This article is part of the supplement: The International Conference on Intelligent Biology and Medicine (ICIBM): Systems Biology
Module-based subnetwork alignments reveal novel transcriptional regulators in malaria parasite Plasmodium falciparum
- Equal contributors
1 Department of Biology, University of Texas at San Antonio, San Antonio, TX 78249, USA
2 Department of Computer Science and Engineering, University of Minnesota Twin Cities, Minneapolis, MN 55455, USA
3 Department of Biology, College of Staten Island, City University of New York, Staten Island, NY 10314, USA
4 Department of Bacteriology, American Type Culture Collection, Manassas, VA 20110, USA
5 South Texas Center for Emerging Infectious Diseases, University of Texas at San Antonio, San Antonio, TX 78249, USA
BMC Systems Biology 2012, 6(Suppl 3):S5 doi:10.1186/1752-0509-6-S3-S5Published: 17 December 2012
Malaria causes over one million deaths annually, posing an enormous health and economic burden in endemic regions. The completion of genome sequencing of the causative agents, a group of parasites in the genus Plasmodium, revealed potential drug and vaccine candidates. However, genomics-driven target discovery has been significantly hampered by our limited knowledge of the cellular networks associated with parasite development and pathogenesis. In this paper, we propose an approach based on aligning neighborhood PPI subnetworks across species to identify network components in the malaria parasite P. falciparum.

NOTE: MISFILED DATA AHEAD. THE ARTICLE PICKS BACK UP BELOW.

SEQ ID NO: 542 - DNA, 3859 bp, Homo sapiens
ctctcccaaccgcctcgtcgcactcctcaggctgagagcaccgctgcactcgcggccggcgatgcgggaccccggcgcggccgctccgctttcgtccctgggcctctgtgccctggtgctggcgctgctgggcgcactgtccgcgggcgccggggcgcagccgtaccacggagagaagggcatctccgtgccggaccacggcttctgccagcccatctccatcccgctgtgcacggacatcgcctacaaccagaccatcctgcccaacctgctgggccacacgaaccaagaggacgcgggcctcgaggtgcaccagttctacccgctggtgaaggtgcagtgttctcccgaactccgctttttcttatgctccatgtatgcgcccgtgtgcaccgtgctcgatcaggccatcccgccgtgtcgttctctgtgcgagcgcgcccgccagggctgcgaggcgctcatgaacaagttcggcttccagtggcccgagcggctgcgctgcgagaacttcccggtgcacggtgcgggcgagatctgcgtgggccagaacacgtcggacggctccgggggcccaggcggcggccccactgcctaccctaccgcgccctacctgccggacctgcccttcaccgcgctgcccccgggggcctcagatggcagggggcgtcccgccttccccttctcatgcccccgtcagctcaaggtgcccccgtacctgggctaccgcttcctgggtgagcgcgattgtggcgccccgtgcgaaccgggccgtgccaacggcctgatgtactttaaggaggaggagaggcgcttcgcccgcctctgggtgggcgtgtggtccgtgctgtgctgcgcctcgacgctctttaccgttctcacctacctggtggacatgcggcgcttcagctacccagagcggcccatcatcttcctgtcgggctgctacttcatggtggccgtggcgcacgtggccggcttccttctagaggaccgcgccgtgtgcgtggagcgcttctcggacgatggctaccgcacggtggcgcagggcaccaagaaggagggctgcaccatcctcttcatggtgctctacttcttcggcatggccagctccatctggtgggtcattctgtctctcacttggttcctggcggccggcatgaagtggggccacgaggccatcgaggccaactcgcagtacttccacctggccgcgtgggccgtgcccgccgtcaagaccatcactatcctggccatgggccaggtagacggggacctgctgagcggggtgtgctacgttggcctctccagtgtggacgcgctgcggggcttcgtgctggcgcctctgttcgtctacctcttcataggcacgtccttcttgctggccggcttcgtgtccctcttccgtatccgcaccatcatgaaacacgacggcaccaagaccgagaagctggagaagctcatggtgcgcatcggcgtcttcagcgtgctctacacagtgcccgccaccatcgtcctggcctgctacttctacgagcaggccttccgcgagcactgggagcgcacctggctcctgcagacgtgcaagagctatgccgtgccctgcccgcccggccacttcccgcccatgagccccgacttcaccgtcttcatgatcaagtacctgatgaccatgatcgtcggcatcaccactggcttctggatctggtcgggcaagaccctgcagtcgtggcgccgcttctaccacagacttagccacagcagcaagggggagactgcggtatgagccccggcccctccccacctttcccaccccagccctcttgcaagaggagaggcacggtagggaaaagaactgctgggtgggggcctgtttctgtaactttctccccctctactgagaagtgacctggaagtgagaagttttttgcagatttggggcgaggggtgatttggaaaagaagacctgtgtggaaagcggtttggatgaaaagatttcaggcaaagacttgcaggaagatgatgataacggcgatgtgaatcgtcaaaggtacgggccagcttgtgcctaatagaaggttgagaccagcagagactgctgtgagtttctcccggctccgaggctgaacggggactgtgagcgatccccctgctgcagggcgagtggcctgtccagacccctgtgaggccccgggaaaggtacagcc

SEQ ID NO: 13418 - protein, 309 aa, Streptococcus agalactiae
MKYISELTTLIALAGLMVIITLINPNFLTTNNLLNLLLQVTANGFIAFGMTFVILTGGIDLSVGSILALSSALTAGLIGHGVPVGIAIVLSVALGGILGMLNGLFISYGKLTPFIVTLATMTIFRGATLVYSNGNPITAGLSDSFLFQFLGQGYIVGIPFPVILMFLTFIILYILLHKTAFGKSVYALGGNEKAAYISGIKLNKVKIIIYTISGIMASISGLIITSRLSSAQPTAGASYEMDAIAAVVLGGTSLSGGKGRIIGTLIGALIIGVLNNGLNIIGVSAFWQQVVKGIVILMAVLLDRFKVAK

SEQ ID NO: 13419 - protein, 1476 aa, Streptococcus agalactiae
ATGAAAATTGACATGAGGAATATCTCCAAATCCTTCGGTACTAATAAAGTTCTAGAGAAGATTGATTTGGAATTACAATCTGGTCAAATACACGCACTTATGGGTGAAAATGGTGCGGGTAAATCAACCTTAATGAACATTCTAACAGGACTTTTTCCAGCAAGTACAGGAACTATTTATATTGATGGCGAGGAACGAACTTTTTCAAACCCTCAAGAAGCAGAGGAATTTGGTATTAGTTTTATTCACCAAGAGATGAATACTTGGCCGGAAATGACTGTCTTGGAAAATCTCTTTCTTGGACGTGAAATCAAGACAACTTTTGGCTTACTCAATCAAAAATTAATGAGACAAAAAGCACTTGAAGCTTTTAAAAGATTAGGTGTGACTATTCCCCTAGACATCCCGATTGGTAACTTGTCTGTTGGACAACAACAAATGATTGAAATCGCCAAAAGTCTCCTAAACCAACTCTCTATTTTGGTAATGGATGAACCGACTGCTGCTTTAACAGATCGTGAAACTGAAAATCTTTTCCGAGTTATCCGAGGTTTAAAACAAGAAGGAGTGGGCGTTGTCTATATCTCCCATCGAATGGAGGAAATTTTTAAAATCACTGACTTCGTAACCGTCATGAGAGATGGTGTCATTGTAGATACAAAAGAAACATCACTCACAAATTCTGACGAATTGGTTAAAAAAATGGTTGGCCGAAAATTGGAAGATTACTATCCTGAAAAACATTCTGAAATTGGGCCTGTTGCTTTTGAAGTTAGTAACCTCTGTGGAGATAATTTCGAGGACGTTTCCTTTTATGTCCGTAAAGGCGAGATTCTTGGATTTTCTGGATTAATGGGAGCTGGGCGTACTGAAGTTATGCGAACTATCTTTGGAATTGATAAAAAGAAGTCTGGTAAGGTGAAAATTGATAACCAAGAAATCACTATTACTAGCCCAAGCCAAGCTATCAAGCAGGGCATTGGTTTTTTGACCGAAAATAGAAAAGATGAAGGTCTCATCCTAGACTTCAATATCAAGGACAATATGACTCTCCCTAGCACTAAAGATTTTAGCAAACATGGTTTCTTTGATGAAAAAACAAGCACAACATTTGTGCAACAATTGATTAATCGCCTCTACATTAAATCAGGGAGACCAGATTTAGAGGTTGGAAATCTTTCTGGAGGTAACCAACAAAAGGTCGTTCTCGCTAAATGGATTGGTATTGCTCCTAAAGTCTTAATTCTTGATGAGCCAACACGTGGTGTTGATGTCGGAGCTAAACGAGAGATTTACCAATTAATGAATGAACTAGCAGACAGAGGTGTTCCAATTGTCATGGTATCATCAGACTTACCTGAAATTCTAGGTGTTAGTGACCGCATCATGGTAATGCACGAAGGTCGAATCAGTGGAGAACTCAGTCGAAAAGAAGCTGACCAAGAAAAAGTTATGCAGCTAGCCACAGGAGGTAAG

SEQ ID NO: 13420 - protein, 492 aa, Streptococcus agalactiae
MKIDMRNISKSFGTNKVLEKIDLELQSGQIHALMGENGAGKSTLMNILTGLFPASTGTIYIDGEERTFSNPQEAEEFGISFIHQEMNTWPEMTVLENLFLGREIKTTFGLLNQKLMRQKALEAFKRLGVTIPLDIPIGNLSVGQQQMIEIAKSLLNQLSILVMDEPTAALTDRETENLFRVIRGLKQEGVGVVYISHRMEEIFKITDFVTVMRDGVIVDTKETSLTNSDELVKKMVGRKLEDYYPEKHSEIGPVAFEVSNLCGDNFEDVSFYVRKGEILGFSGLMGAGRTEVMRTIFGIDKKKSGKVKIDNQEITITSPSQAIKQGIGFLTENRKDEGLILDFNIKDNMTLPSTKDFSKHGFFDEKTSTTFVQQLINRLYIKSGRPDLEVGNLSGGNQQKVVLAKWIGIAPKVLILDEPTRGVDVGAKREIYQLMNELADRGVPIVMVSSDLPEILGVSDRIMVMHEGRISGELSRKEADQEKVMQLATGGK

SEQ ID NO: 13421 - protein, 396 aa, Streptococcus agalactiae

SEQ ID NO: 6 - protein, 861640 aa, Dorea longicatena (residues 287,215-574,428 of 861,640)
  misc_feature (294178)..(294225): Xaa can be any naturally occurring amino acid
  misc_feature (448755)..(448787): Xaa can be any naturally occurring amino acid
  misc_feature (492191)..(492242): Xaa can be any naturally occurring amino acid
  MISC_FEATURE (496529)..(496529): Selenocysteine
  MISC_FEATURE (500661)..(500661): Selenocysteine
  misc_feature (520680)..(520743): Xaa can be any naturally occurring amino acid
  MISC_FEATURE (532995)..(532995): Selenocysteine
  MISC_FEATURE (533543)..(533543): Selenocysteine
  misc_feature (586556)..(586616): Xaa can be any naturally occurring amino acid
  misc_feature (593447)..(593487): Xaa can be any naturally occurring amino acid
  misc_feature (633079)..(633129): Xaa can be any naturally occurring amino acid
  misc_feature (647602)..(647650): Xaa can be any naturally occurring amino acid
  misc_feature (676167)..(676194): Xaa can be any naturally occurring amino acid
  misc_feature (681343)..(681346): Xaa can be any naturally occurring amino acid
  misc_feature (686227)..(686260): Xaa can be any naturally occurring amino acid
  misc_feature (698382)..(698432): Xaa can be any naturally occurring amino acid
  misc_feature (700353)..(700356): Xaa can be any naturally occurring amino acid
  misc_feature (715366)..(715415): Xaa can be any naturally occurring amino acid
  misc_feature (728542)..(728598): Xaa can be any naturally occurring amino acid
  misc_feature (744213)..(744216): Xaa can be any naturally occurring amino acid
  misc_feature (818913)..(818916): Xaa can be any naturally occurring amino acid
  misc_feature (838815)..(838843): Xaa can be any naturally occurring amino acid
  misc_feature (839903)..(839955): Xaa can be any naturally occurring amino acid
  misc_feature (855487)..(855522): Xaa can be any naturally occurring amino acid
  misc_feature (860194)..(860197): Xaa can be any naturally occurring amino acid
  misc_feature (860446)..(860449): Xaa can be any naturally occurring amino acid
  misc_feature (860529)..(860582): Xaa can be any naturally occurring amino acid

Instead of only relying on sequence similarities to detect functional orthologs, our approach measures the conservation between the neighborhood subnetworks in protein-protein interaction (PPI) networks in two species, P. falciparum and E. coli. 1,082 P. falciparum proteins were predicted as functional orthologs of known transcriptional regulators in the E. coli network, including general transcriptional regulators, parasite-specific transcriptional regulators in the ApiAP2 protein family, and other potential regulatory proteins. They are implicated in a variety of cellular processes involving chromatin remodeling, genome integrity, secretion, invasion, protein processing, and metabolism.
In this proof-of-concept study, we demonstrate that a subnetwork alignment approach can reveal previously uncharacterized members of the subnetworks, which opens new opportunities to identify potential therapeutic targets and provide new insights into parasite biology, pathogenesis and virulence. This approach can be extended to other systems, especially those with poor genome annotation and a paucity of knowledge about cellular networks.